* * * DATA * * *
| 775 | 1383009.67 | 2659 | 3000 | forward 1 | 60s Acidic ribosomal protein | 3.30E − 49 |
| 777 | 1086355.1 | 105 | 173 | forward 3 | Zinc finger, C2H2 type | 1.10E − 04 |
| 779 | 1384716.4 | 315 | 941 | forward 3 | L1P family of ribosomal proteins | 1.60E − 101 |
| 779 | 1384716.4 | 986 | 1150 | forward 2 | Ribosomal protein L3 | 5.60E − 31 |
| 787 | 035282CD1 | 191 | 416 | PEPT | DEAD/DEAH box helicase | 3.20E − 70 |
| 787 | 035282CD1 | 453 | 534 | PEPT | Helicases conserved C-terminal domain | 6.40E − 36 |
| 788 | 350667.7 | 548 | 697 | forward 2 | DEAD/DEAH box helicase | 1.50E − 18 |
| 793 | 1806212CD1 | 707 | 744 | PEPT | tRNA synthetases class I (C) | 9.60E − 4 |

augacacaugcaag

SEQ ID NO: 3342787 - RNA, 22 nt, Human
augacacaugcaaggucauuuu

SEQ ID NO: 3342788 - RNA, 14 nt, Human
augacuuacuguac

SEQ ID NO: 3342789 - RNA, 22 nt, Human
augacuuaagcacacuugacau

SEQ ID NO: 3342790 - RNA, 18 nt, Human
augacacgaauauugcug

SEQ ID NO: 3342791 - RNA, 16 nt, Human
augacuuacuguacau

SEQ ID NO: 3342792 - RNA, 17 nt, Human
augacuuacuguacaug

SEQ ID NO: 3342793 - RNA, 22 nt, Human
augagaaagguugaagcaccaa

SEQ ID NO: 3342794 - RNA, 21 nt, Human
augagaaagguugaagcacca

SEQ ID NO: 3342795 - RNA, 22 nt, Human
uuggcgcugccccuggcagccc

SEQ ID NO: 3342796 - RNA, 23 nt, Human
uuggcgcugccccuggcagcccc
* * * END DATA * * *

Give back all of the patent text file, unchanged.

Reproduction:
| 775 | 1383009.67 | 2659 | 3000 | forward 1 | 60s Acidic ribosomal protein | 3.30E − 49 |
| 777 | 1086355.1 | 105 | 173 | forward 3 | Zinc finger, C2H2 type | 1.10E − 04 |
| 779 | 1384716.4 | 315 | 941 | forward 3 | L1P family of ribosomal proteins | 1.60E − 101 |
| 779 | 1384716.4 | 986 | 1150 | forward 2 | Ribosomal protein L3 | 5.60E − 31 |
| 787 | 035282CD1 | 191 | 416 | PEPT | DEAD/DEAH box helicase | 3.20E − 70 |
| 787 | 035282CD1 | 453 | 534 | PEPT | Helicases conserved C-terminal domain | 6.40E − 36 |
| 788 | 350667.7 | 548 | 697 | forward 2 | DEAD/DEAH box helicase | 1.50E − 18 |
| 793 | 1806212CD1 | 707 | 744 | PEPT | tRNA synthetases class I (C) | 9.60E − 4 |

augacacaugcaag

SEQ ID NO: 3342787 - RNA, 22 nt, Human
augacacaugcaaggucauuuu

SEQ ID NO: 3342788 - RNA, 14 nt, Human
augacuuacuguac

SEQ ID NO: 3342789 - RNA, 22 nt, Human
augacuuaagcacacuugacau

SEQ ID NO: 3342790 - RNA, 18 nt, Human
augacacgaauauugcug

SEQ ID NO: 3342791 - RNA, 16 nt, Human
augacuuacuguacau

SEQ ID NO: 3342792 - RNA, 17 nt, Human
augacuuacuguacaug

SEQ ID NO: 3342793 - RNA, 22 nt, Human
augagaaagguugaagcaccaa

SEQ ID NO: 3342794 - RNA, 21 nt, Human
augagaaagguugaagcacca

SEQ ID NO: 3342795 - RNA, 22 nt, Human
uuggcgcugccccuggcagccc

SEQ ID NO: 3342796 - RNA, 23 nt, Human
uuggcgcugccccuggcagcccc